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I wondered if someone could potentially explain the Inada conditions in plain English, and the implications.

$$lim_{c_t\searrow0}\frac{\partial U}{\partial Ct}= +\infty$$

$$lim_{c_t\nearrow+\infty}\frac{\partial U}{\partial Ct} = 0, \forall_t$$

$$\Longrightarrow C_t^*\in (0,+\infty),\forall_t$$

I've stated the conditions using:https://faculty.babson.edu/lcdstein/210/sectionall.pdf

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I'm not sure what exactly in plain English means, but here is a try: Think about it as consuming water.

Look at condition 1. If you have no water, you would die, making you extremely unhappy.

If someone came up to you and offered one bottle of water, it would make you infinitely happier than having no water, as you would live! (You would pay any amount of money to get that single bottle!)

The second condition states that eventually giving you extra water gives you less and less extra happiness. That first bottle was life saving, the second helps a lot,... but after the thousandth bottle, having extra water is nice, but having a thousand bottles versus a thousand and one does not increase your happiness too much.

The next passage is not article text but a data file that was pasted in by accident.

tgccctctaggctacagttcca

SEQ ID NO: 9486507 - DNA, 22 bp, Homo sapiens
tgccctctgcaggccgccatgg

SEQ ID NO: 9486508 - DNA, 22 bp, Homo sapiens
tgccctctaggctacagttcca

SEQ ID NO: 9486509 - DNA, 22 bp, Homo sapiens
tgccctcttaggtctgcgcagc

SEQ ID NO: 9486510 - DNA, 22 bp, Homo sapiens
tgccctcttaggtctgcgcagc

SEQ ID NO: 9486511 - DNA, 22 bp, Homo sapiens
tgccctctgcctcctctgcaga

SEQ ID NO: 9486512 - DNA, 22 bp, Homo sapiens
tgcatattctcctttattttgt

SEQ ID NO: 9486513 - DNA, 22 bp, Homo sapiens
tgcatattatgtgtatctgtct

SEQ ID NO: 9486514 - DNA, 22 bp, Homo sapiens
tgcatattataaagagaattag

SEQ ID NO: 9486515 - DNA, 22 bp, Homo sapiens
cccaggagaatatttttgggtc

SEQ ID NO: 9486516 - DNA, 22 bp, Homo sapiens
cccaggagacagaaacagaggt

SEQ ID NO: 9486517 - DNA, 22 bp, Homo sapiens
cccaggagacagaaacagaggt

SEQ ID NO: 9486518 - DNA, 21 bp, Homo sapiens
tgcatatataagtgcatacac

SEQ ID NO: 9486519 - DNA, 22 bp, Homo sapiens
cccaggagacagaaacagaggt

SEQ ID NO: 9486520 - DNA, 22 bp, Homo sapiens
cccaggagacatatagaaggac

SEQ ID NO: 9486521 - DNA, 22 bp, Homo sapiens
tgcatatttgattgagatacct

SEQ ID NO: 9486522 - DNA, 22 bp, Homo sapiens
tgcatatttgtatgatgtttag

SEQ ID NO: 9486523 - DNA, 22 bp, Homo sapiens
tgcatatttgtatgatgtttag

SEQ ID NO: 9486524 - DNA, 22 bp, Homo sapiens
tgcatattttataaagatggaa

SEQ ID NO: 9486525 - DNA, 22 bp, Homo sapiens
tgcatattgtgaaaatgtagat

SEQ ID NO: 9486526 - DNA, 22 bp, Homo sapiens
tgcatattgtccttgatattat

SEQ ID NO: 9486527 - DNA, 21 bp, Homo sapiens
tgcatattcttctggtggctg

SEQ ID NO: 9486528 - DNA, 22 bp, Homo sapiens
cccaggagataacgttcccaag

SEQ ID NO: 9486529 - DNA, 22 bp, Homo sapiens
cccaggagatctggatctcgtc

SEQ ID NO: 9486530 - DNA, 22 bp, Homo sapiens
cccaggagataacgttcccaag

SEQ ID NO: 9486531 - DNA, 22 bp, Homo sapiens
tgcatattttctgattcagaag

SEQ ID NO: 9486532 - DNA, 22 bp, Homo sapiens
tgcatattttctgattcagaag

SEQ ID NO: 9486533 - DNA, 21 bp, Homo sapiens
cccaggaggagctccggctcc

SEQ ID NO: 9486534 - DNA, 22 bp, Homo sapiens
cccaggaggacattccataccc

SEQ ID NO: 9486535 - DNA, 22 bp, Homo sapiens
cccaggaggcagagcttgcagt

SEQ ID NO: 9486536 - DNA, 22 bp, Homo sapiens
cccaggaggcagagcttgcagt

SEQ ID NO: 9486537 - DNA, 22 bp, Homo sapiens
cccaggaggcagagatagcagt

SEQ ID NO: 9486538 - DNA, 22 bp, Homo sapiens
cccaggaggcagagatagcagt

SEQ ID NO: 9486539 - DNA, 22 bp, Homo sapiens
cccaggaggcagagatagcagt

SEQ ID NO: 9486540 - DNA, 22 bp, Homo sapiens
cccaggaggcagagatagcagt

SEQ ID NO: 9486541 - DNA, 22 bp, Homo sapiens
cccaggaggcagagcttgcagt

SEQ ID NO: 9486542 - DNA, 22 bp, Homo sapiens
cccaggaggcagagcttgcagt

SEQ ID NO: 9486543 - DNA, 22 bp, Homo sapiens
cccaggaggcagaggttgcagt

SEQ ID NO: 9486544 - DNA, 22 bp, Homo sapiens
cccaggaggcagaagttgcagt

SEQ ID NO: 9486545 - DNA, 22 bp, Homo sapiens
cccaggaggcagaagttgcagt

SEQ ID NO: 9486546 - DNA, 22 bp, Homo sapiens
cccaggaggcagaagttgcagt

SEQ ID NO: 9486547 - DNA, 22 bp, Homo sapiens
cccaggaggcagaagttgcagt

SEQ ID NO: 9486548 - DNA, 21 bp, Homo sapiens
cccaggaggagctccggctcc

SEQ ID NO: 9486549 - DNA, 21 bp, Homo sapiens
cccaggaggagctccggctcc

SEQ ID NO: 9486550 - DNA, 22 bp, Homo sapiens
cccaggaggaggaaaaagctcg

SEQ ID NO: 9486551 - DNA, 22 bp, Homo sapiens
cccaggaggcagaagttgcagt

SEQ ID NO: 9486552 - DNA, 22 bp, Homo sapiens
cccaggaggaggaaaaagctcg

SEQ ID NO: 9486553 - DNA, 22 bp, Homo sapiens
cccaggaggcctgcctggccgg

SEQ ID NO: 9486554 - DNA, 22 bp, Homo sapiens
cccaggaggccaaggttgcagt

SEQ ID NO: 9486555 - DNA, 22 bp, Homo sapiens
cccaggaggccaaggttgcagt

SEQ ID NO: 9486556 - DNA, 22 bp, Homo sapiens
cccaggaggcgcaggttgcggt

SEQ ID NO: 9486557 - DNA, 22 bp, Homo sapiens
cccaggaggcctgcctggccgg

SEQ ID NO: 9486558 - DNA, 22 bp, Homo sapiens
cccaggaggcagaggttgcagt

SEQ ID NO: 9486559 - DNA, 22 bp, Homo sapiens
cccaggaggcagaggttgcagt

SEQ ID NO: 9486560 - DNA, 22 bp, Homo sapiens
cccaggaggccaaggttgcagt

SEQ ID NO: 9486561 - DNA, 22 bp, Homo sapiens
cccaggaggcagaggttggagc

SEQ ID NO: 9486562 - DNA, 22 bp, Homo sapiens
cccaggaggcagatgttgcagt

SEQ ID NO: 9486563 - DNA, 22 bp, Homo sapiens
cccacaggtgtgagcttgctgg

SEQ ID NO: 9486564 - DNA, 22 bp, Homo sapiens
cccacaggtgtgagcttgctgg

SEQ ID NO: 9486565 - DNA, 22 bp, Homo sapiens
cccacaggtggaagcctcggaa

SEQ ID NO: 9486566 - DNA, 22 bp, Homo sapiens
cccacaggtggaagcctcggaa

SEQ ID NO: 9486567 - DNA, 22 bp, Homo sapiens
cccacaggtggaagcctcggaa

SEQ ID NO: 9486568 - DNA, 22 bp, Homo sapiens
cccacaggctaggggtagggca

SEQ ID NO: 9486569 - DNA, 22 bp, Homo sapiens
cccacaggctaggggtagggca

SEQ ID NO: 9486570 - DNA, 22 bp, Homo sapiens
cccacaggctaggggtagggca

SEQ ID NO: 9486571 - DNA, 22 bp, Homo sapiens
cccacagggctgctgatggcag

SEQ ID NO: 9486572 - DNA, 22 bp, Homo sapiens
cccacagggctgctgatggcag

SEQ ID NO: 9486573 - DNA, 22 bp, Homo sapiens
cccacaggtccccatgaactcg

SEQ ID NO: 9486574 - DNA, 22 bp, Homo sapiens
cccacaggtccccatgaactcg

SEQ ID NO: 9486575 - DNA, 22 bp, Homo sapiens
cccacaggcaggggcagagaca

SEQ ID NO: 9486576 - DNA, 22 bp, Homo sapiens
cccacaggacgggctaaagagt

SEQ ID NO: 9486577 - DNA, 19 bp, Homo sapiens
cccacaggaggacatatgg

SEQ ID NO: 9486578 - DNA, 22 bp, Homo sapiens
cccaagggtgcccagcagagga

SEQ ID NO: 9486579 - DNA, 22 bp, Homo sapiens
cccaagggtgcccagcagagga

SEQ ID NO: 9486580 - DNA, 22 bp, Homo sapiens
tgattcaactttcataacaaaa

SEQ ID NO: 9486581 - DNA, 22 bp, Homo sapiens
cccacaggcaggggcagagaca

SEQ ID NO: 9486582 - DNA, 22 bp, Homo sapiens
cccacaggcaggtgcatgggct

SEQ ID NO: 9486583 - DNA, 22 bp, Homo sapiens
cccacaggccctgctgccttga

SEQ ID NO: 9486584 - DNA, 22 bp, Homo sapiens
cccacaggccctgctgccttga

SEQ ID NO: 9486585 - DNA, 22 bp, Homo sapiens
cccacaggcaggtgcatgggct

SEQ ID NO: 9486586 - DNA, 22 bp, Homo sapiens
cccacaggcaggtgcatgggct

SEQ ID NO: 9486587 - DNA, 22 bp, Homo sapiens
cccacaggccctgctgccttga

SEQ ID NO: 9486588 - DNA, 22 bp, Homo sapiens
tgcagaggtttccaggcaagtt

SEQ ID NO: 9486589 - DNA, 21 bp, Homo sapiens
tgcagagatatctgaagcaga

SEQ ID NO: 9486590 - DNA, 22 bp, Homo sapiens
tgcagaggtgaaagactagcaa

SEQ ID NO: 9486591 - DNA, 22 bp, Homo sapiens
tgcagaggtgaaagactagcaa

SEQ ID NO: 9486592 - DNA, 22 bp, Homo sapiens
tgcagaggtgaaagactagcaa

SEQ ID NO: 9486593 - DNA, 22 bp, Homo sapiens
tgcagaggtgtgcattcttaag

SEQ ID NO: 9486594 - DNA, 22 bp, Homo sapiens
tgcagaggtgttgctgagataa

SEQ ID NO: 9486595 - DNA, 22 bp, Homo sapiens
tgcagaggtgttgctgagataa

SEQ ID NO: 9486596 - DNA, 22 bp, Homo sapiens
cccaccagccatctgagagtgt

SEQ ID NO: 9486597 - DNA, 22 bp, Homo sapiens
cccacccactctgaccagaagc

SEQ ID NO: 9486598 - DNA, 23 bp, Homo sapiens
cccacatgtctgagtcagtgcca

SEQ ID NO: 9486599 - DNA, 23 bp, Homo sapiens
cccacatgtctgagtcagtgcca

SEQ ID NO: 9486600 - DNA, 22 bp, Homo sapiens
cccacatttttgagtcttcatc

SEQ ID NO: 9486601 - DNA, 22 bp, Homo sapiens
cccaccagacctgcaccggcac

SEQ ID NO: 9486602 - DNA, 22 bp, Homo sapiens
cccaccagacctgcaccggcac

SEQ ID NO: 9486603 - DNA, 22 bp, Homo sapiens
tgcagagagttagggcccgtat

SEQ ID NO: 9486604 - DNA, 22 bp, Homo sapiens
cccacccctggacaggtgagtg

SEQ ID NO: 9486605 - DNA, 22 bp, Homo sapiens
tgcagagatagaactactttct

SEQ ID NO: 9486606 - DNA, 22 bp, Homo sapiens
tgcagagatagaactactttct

The implication of the assumptions ensure that if I asked a consumer how much water she would like (for some price usually), she would pick a number between 0 and $\infty$. She wouldnt pick 0, as we argued before, and eventually she cares less and less, so she would not buy $\infty$ bottles.

A famous example is $U(c) = \log(c)$.

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  • $\begingroup$ Thank you @WA, very good explanation. I guess, my response would be: are the Inada conditions thus designed as a formal expression of marginal utility theory, or are the Inada conditions designed to express the consumption set? (or both, of course). $\endgroup$
    – EB3112
    Mar 30 '21 at 19:56
  • $\begingroup$ In my opinion, it is additional assumptions on utility that we imagine are reasonable (and helps us get results). It has no effect on the consumption set: Water is just an amount between 0 and $\infty$: the Inada conditions reflect how a person feels about the consumption set. $\endgroup$ Mar 31 '21 at 16:52

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